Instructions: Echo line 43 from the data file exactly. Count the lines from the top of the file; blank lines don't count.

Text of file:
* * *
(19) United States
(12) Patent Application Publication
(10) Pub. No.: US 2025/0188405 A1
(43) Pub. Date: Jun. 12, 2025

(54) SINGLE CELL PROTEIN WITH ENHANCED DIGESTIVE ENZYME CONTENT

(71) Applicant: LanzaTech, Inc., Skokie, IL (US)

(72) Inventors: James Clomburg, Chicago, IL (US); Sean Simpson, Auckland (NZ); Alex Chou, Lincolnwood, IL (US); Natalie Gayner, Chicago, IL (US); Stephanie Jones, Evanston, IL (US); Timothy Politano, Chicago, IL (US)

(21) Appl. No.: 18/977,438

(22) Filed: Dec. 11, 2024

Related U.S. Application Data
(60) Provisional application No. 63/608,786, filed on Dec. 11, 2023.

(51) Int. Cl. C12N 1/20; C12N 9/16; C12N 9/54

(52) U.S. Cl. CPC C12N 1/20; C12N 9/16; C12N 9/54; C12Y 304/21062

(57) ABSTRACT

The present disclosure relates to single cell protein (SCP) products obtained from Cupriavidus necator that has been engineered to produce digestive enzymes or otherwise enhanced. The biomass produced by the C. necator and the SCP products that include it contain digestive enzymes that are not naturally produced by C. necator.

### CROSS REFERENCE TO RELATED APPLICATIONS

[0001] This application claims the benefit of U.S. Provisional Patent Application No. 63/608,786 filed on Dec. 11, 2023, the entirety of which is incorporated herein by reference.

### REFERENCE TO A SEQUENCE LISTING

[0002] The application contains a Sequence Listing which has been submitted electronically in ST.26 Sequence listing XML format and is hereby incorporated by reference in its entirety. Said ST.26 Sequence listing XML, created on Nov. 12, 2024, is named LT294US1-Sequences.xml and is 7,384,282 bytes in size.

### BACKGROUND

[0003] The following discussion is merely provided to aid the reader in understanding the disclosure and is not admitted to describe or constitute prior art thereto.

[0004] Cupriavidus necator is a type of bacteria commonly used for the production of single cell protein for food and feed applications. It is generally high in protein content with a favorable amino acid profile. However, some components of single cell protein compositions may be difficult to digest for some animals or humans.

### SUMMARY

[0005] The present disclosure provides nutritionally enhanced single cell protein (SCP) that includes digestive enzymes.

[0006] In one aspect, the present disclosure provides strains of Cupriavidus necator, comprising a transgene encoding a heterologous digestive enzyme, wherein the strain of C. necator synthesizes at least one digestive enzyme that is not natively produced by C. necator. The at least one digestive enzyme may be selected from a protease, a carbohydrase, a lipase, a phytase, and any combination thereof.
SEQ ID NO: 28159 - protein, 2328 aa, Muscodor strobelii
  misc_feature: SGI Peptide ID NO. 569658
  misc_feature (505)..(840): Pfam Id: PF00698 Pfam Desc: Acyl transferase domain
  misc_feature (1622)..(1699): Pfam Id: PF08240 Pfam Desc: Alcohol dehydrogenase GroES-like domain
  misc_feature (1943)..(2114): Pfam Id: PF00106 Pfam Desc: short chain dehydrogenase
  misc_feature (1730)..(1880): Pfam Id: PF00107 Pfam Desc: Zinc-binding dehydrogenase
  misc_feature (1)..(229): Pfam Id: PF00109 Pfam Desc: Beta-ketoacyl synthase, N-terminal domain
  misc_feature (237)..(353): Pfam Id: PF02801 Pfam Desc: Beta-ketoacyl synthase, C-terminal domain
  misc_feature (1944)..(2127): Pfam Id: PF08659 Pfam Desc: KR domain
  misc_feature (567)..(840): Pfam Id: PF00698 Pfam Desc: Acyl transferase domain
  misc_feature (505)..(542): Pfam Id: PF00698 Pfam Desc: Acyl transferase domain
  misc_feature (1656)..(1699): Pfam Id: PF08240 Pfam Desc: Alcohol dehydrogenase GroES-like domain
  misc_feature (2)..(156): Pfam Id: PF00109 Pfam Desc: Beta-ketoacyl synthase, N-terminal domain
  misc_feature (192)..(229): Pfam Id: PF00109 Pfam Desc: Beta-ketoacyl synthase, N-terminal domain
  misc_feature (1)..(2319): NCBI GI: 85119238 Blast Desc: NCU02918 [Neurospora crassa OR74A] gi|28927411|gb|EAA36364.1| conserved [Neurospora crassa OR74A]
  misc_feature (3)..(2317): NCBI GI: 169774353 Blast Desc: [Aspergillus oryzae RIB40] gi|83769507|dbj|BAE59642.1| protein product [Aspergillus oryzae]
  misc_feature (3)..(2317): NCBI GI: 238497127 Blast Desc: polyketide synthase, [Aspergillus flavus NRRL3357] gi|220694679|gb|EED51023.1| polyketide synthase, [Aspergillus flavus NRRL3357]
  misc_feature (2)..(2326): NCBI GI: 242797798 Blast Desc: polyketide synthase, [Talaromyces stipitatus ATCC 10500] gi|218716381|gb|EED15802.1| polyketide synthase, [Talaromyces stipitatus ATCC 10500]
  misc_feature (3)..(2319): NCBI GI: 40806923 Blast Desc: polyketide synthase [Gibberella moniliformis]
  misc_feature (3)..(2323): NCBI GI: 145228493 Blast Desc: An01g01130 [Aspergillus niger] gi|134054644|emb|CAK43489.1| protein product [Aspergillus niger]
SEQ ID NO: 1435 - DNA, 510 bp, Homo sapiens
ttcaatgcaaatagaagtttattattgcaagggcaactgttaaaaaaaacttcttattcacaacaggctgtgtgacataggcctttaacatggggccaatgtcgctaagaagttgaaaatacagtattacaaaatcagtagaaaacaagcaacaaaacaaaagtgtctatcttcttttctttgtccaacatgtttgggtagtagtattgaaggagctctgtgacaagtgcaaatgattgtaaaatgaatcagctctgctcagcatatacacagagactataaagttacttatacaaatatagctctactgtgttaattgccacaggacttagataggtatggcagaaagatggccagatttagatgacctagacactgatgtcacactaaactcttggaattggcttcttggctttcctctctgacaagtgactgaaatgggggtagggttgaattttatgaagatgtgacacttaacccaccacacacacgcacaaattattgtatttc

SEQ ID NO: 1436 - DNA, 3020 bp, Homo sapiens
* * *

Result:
  misc_feature (2)..(2326): NCBI GI: 242797798 Blast Desc: polyketide synthase, [Talaromyces stipitatus ATCC 10500] gi|218716381|gb|EED15802.1| polyketide synthase, [Talaromyces stipitatus ATCC 10500]